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MARCH 2008

Attention on this side of the desk is fixed firmly on the Budget statement expected Wednesday, 12th March. We will be including commentary on the areas of interest to clients in our next newsletter. The current tax year finishes on 5 April. This newsletter includes a few tax planning pointers for business clients, the treatment of loans for National Insurance purposes, a note regarding certain capital losses that can be set against income, and finally a VAT reminder for owners of property on which there is an election to tax.

Business tax planning – action before 6 April 2008

We have noted below a number of tax issues that you may like to review prior to the end of the current tax year, 5 April 2008.

1. Capital Allowances
Clients may be advised to seek our advice before committing to any further capital expenditure before 5 April 2008. As from 6 April 2008 it is likely that new rules will apply to the way in which you are able to claim capital allowances for the purchase of certain qualifying assets. The Government has said it will introduce a new Annual Investment allowance. Essentially from the end of this tax year businesses will be able to write off 100% of their expenditure on plant and other equipment (excluding most cars) up to an annual limit of £50,000. This Annual Investment Allowance will apportioned in the first year if your year end is not 31 March. For instance if you spend £24,000 on a qualifying asset in April 2008 and your year end is June 2008; one-quarter of the £24,000, £6,000 will qualify for the 100% write down; any balance will be carried forward. This will only affect businesses whose accounting year end straddles 5 April 2008.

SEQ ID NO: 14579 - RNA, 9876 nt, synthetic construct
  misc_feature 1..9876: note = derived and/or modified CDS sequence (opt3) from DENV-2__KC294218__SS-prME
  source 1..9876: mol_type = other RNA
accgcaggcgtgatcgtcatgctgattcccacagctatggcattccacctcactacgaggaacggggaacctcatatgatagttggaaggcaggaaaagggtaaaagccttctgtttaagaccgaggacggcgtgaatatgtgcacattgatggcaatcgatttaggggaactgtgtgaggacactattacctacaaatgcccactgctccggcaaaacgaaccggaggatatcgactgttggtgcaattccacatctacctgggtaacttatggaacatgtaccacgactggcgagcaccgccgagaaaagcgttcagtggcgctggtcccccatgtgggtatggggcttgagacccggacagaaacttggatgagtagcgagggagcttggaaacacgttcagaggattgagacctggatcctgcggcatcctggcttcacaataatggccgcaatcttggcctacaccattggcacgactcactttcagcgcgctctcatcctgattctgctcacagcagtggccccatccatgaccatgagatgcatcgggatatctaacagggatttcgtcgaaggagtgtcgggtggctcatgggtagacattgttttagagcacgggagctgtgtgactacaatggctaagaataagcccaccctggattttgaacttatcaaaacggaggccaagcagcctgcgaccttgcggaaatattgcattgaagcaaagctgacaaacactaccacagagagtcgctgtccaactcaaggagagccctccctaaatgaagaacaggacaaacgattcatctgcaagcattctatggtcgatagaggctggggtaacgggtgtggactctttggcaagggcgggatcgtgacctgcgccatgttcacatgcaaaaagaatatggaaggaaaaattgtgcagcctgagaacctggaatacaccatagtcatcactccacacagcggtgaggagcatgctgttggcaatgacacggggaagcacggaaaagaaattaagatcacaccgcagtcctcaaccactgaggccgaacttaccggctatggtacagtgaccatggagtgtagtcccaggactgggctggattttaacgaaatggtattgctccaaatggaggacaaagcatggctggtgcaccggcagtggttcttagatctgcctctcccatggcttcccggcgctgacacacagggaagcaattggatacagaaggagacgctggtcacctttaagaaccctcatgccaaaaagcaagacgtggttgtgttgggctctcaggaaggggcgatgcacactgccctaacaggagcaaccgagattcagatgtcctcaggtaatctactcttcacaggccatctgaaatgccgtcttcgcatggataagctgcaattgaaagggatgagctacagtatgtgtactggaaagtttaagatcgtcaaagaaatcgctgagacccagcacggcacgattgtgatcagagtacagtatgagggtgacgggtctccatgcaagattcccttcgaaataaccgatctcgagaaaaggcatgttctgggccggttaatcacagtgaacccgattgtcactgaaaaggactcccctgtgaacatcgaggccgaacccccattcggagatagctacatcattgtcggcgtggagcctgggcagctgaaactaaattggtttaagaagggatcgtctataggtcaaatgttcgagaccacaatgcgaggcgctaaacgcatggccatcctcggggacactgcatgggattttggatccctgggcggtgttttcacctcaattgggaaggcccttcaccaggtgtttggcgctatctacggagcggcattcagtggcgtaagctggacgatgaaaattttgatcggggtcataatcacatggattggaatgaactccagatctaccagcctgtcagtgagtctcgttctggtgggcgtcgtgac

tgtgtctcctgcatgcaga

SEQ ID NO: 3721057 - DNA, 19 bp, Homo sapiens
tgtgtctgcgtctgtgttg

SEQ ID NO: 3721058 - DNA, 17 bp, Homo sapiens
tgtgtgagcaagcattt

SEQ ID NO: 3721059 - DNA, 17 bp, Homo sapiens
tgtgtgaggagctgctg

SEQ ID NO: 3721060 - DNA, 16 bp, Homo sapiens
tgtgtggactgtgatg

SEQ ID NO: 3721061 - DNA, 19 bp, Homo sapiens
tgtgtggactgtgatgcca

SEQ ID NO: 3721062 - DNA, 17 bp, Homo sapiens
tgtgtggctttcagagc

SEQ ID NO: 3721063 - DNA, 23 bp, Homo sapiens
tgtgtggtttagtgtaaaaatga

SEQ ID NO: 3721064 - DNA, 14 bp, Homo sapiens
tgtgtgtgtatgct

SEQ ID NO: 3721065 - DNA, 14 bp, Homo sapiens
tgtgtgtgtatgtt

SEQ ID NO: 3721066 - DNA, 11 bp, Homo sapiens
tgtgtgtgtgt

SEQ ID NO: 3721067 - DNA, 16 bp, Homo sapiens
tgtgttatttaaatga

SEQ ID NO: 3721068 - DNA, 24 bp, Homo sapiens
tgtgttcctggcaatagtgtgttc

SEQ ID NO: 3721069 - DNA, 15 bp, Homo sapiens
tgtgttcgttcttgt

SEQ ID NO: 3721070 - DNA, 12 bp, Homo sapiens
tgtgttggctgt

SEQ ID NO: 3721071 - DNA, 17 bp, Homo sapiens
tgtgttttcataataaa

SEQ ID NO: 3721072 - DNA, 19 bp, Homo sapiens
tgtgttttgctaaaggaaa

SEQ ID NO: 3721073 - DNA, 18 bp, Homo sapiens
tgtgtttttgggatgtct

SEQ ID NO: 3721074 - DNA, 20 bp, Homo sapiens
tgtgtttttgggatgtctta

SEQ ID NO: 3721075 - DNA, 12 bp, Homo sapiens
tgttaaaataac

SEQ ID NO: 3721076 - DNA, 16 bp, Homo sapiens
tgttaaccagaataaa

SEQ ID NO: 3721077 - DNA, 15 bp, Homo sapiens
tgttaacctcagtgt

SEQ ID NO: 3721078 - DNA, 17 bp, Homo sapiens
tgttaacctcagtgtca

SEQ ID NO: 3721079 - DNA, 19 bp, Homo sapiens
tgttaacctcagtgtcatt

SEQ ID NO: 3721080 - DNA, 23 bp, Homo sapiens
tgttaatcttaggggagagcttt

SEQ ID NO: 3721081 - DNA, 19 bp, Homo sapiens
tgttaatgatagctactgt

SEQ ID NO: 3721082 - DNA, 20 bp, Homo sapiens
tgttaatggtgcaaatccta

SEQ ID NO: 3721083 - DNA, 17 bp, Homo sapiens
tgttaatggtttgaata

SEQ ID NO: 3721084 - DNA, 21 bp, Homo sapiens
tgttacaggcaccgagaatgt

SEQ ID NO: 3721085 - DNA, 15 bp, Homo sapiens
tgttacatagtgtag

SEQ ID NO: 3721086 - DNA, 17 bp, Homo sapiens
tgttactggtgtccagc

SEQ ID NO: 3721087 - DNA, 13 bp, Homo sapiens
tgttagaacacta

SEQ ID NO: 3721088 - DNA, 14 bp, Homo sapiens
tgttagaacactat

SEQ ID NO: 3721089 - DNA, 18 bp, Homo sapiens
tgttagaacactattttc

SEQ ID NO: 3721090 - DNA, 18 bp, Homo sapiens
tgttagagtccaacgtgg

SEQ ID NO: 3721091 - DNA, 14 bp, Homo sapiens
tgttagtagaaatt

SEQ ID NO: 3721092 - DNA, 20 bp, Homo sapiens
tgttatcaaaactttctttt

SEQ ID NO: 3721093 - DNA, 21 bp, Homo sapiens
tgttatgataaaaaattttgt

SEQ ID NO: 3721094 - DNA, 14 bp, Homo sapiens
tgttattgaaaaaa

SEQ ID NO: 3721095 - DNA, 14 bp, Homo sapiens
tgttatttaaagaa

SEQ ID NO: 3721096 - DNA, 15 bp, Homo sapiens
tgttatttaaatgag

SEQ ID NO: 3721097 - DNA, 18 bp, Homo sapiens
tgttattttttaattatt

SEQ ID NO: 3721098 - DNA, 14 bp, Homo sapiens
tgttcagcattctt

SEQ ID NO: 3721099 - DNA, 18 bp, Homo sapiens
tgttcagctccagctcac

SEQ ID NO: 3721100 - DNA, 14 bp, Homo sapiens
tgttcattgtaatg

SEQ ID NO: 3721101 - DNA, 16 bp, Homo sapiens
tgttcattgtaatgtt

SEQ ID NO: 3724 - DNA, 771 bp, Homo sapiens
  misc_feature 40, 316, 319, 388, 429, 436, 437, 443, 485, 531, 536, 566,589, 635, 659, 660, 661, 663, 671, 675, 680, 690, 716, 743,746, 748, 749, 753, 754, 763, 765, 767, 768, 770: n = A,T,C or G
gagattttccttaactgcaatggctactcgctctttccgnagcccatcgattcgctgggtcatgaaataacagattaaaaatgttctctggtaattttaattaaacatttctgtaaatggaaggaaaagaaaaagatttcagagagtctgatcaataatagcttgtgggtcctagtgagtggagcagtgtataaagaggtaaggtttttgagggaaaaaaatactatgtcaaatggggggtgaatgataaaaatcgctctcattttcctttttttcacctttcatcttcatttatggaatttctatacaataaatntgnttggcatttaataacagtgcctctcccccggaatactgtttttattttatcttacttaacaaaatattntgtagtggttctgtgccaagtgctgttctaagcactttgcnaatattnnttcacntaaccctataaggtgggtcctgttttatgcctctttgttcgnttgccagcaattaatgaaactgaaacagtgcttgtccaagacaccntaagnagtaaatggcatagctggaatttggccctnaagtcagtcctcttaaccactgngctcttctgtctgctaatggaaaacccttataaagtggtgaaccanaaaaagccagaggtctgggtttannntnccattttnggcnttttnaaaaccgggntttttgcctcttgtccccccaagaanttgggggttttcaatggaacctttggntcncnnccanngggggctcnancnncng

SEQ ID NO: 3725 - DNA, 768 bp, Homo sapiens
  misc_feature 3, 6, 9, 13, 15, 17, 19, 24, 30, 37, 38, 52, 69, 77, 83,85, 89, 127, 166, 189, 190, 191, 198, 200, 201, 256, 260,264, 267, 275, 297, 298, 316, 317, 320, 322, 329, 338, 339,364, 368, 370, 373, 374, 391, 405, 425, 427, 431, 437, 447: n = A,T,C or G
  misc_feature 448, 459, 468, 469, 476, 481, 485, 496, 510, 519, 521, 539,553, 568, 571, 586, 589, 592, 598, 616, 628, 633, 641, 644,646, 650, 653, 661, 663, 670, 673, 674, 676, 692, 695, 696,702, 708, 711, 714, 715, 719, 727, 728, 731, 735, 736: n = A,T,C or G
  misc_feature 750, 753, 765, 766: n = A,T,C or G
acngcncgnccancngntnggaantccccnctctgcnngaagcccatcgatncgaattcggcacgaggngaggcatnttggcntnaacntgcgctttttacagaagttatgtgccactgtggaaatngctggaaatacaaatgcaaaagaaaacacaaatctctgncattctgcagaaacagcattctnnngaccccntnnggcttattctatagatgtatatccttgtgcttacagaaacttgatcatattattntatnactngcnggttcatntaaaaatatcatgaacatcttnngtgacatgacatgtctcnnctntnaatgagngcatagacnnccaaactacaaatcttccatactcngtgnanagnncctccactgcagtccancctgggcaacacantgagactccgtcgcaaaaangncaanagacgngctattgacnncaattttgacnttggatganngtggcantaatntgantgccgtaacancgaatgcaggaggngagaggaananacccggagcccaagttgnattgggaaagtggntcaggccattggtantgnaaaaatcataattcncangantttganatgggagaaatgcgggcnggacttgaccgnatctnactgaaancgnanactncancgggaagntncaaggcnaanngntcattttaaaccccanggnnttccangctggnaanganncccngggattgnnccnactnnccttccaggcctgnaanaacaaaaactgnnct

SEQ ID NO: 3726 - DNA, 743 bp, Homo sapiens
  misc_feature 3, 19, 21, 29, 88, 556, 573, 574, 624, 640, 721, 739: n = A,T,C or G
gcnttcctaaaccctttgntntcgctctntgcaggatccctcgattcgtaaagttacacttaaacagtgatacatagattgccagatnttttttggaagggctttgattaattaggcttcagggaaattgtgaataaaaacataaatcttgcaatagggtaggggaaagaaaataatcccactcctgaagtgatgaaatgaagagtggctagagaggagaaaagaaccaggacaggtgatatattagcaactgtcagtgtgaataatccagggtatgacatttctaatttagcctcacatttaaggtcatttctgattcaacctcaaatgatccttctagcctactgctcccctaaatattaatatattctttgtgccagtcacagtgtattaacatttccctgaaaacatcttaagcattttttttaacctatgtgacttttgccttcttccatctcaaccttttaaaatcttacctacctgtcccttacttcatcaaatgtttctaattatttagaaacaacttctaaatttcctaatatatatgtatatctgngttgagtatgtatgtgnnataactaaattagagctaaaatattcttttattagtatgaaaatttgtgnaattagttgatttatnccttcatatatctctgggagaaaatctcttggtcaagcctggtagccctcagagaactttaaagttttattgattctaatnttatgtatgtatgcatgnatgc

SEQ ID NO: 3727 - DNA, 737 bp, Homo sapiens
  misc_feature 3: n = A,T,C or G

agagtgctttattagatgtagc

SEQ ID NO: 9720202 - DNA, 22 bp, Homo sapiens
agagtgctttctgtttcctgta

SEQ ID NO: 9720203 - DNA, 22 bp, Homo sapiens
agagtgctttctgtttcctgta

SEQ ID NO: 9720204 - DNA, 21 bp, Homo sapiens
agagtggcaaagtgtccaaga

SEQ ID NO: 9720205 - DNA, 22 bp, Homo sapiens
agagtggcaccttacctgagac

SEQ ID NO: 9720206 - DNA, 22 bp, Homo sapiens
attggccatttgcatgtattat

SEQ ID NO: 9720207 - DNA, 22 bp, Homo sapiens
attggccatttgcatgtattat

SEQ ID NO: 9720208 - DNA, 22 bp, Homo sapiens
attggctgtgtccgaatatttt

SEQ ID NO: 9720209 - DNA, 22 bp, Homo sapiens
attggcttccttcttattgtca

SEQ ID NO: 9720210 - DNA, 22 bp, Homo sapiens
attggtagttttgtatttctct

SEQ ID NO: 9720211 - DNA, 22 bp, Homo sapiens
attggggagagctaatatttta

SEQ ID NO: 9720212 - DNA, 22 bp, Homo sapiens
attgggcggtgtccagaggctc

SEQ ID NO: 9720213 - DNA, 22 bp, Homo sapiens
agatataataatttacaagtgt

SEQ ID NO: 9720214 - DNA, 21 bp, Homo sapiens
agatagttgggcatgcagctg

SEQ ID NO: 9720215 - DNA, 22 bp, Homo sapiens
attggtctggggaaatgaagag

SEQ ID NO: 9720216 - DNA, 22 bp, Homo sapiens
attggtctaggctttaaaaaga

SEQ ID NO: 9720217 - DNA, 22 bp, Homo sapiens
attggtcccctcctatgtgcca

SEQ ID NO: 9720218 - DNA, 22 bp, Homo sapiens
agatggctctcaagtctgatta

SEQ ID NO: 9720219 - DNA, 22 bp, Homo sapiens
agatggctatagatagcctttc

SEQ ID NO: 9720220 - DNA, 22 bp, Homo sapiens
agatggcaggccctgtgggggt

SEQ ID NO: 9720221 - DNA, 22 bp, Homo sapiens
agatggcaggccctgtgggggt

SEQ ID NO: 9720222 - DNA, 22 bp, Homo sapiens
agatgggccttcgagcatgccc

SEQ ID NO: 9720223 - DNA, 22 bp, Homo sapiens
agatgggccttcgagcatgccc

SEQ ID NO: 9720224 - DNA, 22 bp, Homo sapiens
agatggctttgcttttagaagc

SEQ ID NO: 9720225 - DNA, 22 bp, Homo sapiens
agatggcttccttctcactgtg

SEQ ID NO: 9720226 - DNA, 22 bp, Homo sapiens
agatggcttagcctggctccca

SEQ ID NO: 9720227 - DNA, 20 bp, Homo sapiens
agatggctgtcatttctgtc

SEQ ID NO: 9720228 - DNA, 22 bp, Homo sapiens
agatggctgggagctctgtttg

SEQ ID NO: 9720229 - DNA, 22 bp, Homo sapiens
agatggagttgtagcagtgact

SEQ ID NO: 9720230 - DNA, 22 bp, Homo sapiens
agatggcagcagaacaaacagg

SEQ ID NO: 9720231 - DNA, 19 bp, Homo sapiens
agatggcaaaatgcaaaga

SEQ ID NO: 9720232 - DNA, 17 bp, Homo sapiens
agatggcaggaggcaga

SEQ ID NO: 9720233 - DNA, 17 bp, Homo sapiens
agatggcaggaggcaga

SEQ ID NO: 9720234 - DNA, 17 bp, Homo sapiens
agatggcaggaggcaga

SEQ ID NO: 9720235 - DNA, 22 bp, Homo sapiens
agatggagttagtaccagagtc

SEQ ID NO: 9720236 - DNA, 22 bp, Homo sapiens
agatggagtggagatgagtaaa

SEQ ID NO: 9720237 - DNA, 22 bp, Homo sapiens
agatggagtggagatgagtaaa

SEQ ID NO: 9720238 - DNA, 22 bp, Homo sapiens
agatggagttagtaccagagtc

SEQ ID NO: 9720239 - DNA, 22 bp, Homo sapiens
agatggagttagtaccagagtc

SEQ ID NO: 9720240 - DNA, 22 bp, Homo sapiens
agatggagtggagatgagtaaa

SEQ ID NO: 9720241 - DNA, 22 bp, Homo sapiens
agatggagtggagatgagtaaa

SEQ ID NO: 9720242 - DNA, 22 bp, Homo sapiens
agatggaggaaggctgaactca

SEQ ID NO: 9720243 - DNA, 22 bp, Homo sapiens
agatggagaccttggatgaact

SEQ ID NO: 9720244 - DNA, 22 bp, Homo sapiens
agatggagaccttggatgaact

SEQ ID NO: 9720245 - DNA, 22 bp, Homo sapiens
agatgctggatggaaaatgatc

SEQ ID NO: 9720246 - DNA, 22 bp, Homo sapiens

Because of these changes businesses may be disadvantaged if they commit to capital expenditure before 6 April 2008. If you have plans to acquire assets you may be advised to check out the pros and cons of delaying the expenditure until after 5 April 2008.

2. Benefits in Kind
Don’t forget that if your employees reimburse you for the use of a company asset, or to cover other personal payments that have been made on their behalf, no benefit in kind will arise, and therefore no tax will be due. In most cases reducing taxable benefits in this way will also reduce the National Insurance Class 1A contributions for the business.

3. Corporation Tax Rates
If your taxable profits are likely to take you over the small companies rate, (currently your company can earn up to £300,000 at the small companies rate of 20%, unless you have associated companies which can reduce this entitlement), you could consider bringing forward expenditure to keep your profits under the threshold. The expenditure could be a business expense or capital expenditure.

4. Pension contributions
Tax relief on pension contributions made by the company is only available in the period in which the contributions are actually paid, so if it is planned to increase contributions in respect of the current year, these need to be paid out during the period.

5. Directors’ bonuses year to 31 March 2008
Where it is planned to pay directors bonuses out of current profits it is necessary to hold a directors’ meeting confirming the decision to do so. This should then be minuted, even if the exact amount of the bonus is to be determined later. In this way the liability for the bonus is created in the current period, and it will be acceptable to provide for the bonus in the accounts. The bonus should then be finalised and paid out within 9 months of the year end to secure a corporation tax deduction for the payment.

These are just a few of the possible planning issues that you should take a look at before the 5 April 2008. Please call if you need to clarify any issue prior to a 31 March year end.

Loans and National Insurance

Readers may find the following notes useful:

  • A loan itself is not remuneration for National Insurance purposes. Consequently no Class 1 contributions are due on the granting of a loan, or on the cash equivalent of a low interest or interest free loan.